Increasingly, we the general public have gotten into the habit of texting, emailing, or surfing the internet while walking. If we stop to think a moment, its easy to see that this practice is dangerous. It distracts us from our surroundings.
Now, several studies have confirmed this intuitive conclusion. A study of 26 people conducted by the University of Queensland found that texting (or reading) while walking negatively effects one’s balance, posture, and gait. These people have a higher likelihood of falling. A similar study conducted by Ohio State University found that over 1500 people were injured as a result of using a cell phone while walking in 2010. The study’s co-author predicted that this number would double by 2015.
This dangerous practice is finding its way into civil litigation. Increasingly, savvy defense attorneys are asking plaintiffs at deposition and during trial, if they were using their cell phones in the moments prior to an accident. Was the plaintiff texting while crossing the street, and that’s why they didn’t see the car turning? Was the plaintiff talking on the phone or checking an email, and that’s why they didn’t see the cracked sidewalk right in front of them? Demands for cell phone records are now routine.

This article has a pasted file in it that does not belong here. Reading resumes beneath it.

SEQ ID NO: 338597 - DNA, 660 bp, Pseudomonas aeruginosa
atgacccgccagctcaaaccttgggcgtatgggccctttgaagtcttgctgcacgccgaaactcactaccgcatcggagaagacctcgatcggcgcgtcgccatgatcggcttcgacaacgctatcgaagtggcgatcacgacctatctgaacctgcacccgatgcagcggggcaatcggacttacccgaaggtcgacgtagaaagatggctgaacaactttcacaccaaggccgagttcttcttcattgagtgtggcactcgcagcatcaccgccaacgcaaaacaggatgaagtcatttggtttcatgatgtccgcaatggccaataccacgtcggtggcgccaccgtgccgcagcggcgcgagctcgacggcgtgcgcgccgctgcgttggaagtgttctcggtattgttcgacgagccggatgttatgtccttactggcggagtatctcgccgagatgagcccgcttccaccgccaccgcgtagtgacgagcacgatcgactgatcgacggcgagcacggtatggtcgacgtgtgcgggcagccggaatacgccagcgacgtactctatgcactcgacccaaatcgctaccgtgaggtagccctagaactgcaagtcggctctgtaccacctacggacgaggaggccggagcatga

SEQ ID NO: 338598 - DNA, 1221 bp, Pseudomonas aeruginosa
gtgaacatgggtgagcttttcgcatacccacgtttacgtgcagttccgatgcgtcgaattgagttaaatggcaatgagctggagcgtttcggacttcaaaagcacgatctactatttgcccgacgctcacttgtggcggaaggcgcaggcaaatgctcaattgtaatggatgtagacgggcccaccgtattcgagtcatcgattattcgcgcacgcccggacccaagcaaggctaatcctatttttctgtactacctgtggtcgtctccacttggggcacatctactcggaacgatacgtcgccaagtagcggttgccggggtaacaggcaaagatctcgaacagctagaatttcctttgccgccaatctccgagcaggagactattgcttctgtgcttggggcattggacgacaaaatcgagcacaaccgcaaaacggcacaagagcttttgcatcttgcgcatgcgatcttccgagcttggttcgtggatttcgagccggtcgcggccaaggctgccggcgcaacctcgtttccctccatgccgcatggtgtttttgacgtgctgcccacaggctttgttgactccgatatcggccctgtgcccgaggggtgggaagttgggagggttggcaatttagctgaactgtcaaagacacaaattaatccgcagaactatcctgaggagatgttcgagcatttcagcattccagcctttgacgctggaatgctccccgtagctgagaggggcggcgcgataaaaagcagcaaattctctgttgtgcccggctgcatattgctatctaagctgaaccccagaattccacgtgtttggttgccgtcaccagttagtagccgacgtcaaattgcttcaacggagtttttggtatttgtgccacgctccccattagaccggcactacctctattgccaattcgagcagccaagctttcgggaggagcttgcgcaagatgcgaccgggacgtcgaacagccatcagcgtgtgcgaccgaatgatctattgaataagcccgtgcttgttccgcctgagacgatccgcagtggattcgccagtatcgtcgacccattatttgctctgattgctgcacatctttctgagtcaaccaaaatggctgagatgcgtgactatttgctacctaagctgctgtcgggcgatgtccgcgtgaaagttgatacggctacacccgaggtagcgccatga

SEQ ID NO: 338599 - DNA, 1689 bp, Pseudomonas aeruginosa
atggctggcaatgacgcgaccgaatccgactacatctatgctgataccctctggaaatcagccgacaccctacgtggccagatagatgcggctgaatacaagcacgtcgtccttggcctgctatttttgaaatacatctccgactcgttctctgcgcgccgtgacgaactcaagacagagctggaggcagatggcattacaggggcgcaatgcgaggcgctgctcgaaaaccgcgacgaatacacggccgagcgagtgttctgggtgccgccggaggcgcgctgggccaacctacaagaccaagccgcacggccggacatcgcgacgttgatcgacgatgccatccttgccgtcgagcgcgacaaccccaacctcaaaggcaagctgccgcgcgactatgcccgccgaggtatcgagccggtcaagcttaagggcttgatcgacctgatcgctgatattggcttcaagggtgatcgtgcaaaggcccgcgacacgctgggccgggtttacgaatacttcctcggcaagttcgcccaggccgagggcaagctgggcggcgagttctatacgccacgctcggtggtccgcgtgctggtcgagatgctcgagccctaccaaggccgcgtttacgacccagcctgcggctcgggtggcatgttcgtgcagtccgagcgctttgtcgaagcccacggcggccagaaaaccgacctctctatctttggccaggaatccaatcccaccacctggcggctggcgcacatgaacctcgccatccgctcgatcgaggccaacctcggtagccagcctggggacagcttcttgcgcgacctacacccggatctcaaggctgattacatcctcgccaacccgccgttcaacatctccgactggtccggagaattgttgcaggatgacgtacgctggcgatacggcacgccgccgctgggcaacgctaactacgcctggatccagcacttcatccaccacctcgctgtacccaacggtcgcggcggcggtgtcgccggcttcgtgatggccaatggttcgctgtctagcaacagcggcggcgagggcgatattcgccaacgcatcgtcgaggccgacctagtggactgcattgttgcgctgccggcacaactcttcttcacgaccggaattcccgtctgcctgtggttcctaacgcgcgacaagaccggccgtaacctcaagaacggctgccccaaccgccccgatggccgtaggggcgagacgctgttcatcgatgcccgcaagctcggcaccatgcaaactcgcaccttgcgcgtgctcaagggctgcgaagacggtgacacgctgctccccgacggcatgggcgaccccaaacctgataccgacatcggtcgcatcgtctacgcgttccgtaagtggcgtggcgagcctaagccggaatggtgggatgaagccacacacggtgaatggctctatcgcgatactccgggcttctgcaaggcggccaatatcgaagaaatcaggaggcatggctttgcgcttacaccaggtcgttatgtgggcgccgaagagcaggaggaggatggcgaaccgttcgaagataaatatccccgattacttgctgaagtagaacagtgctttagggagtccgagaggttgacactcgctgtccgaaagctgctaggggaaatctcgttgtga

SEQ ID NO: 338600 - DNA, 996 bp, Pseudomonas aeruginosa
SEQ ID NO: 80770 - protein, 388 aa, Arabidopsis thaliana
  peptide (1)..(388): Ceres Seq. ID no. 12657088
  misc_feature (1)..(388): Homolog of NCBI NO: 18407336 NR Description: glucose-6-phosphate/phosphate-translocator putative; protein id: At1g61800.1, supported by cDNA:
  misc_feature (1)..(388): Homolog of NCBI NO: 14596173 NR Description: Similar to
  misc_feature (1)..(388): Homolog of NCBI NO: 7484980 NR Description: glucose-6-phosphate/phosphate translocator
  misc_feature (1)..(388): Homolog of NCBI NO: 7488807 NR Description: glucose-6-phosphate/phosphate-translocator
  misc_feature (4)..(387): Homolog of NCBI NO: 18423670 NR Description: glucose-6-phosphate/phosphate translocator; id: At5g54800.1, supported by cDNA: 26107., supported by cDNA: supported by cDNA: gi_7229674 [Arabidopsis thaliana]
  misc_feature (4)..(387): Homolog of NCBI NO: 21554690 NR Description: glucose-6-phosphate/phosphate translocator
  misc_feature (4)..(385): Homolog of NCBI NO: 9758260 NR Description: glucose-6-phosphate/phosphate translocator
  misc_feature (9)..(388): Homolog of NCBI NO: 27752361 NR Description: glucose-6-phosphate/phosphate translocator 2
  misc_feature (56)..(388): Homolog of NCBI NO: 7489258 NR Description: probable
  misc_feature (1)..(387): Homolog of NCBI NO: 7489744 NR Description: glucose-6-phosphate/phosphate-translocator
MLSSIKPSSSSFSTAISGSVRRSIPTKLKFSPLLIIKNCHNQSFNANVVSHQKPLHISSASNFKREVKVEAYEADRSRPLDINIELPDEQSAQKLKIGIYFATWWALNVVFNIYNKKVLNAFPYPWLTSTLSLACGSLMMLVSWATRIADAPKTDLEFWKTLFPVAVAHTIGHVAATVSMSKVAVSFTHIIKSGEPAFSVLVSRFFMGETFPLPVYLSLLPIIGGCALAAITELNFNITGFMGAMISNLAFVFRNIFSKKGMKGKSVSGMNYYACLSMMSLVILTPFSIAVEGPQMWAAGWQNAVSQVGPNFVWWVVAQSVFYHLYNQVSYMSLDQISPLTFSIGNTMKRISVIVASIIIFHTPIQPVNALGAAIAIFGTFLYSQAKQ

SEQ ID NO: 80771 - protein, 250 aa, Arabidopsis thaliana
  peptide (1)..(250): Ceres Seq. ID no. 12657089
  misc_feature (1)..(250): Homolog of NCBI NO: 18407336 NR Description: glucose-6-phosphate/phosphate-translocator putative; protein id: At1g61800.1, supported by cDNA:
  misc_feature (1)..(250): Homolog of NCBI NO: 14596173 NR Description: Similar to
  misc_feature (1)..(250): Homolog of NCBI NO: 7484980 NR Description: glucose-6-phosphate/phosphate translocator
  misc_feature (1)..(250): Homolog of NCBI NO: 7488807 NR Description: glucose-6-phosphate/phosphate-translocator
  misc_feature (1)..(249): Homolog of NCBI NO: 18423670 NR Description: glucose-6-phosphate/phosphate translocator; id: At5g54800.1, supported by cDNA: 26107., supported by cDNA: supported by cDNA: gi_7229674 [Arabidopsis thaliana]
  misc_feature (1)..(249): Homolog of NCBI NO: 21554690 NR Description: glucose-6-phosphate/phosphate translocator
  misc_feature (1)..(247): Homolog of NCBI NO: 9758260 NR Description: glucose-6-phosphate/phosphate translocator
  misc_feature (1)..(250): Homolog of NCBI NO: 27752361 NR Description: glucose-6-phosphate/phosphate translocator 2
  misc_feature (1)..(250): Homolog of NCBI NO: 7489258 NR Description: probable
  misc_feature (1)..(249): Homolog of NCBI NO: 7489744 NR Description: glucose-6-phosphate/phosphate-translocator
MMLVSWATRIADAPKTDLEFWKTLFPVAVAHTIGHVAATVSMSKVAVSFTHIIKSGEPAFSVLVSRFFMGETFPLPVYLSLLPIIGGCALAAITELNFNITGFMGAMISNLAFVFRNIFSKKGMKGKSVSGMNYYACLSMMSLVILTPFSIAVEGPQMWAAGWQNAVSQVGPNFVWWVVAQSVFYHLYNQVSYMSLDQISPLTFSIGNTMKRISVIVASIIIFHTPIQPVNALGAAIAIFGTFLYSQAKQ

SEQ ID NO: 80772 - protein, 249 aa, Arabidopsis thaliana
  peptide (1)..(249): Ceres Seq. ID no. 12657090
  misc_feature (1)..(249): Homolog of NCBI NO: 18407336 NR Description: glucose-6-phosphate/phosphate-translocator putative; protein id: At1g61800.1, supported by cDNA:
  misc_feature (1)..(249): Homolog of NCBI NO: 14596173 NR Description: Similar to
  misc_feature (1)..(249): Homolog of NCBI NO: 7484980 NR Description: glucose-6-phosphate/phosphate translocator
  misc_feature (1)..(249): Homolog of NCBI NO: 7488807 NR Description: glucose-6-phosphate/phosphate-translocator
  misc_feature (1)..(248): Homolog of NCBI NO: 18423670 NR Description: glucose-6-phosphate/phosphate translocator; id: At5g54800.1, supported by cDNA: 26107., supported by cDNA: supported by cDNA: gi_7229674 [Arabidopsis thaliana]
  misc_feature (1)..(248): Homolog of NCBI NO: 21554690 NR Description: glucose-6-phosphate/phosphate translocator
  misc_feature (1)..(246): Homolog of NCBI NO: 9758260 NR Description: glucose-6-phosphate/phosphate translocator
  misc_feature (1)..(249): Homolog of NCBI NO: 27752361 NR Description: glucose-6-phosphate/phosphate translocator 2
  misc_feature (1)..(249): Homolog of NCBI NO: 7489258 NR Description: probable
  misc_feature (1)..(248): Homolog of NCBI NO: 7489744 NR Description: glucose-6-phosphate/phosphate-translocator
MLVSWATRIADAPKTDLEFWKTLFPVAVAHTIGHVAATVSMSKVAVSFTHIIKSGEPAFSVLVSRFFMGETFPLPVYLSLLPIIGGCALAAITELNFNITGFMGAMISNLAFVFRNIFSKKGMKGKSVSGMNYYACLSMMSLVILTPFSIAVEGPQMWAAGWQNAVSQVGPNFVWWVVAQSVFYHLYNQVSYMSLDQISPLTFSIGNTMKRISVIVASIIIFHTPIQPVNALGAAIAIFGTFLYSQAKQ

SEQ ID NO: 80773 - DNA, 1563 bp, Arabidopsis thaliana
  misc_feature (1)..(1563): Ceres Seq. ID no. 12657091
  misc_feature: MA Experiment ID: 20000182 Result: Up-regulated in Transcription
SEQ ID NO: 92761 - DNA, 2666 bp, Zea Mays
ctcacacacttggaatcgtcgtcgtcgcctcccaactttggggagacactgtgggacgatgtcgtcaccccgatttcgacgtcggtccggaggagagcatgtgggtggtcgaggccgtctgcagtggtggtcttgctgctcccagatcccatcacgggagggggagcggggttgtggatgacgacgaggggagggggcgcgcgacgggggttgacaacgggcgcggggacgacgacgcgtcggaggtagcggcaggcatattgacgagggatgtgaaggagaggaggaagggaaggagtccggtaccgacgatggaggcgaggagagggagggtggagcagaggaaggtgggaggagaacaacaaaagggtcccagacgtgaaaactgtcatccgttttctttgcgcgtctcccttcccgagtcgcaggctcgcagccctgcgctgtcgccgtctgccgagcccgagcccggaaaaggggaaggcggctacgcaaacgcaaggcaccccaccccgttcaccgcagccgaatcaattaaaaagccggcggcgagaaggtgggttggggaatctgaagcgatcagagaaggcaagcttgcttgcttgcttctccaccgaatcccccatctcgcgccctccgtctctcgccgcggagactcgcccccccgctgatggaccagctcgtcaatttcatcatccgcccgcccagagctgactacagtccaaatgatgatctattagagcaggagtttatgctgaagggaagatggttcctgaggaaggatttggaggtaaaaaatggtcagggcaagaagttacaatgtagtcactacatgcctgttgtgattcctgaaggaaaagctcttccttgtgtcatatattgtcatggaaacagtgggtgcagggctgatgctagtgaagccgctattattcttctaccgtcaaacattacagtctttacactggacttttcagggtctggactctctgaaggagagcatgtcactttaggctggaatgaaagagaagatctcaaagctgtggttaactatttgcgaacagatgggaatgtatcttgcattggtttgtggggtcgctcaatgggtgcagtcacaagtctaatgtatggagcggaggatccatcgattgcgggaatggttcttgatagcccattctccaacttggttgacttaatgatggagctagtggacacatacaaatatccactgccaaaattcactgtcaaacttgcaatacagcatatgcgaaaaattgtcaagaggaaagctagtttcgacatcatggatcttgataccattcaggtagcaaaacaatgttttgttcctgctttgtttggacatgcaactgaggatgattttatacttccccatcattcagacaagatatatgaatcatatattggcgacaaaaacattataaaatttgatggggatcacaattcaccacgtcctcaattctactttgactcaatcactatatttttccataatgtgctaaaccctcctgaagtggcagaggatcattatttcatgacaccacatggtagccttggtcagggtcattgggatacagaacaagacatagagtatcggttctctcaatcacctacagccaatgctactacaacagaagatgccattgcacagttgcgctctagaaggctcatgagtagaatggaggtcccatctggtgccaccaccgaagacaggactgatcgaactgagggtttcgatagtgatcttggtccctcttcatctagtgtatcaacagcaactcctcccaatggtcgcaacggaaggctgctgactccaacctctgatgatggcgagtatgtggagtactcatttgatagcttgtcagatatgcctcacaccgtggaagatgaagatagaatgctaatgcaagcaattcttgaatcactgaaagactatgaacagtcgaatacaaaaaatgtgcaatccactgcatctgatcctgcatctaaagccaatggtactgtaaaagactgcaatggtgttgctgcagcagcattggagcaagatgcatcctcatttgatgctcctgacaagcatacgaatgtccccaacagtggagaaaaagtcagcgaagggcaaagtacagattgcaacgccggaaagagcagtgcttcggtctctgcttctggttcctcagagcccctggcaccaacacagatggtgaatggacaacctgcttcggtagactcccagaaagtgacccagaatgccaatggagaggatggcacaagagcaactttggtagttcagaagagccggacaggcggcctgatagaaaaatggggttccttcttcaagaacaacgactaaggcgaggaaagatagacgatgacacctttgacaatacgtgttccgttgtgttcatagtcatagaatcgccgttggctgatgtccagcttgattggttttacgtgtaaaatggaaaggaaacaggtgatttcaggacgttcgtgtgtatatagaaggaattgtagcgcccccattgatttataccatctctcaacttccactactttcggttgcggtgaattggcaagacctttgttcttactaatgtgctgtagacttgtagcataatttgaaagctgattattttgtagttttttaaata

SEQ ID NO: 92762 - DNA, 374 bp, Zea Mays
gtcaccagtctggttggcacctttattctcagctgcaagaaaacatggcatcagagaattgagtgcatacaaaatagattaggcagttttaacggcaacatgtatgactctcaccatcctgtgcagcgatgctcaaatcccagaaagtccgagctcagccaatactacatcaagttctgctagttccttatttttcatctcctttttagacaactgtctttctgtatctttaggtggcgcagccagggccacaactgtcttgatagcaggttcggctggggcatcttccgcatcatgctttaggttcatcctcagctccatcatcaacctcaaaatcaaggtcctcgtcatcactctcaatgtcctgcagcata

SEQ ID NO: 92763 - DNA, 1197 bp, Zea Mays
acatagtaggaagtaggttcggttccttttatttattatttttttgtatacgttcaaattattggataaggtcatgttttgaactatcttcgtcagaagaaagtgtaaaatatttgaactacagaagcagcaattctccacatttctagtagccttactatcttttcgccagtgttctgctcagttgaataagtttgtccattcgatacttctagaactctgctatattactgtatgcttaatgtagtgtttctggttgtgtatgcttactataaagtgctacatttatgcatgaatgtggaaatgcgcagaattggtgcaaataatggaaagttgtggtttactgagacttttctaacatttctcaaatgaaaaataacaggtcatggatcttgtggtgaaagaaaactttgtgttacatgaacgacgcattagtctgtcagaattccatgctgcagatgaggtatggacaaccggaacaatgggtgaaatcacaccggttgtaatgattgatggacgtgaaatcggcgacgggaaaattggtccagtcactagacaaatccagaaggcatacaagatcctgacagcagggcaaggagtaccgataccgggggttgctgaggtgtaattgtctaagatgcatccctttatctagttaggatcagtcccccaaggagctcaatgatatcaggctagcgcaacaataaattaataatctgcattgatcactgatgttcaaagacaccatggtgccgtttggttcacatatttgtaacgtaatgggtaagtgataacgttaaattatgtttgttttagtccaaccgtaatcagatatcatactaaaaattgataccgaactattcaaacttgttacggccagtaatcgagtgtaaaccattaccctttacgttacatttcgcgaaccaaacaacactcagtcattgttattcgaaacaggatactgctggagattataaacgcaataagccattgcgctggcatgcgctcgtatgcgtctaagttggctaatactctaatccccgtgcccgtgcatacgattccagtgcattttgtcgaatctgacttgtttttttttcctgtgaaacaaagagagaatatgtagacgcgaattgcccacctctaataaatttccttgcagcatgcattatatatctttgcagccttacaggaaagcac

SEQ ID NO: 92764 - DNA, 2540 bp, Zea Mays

A plaintiff who is found to be using the phone in the moments before an accident will hurt their own case. This plaintiff can be found contributorily negligent; or in other words, they are also partially responsible for the accident. The argument is, if the plaintiff wasn’t distracted, and was paying attention to what was going on around them, maybe the accident could have been avoided. While this argument is never air tight, juries agree with it to a certain extent and partially blame the plaintiff. Our advice to you; leave the phone in your pocket while walking, and stand off to the side if you need to take a call or shoot out an email.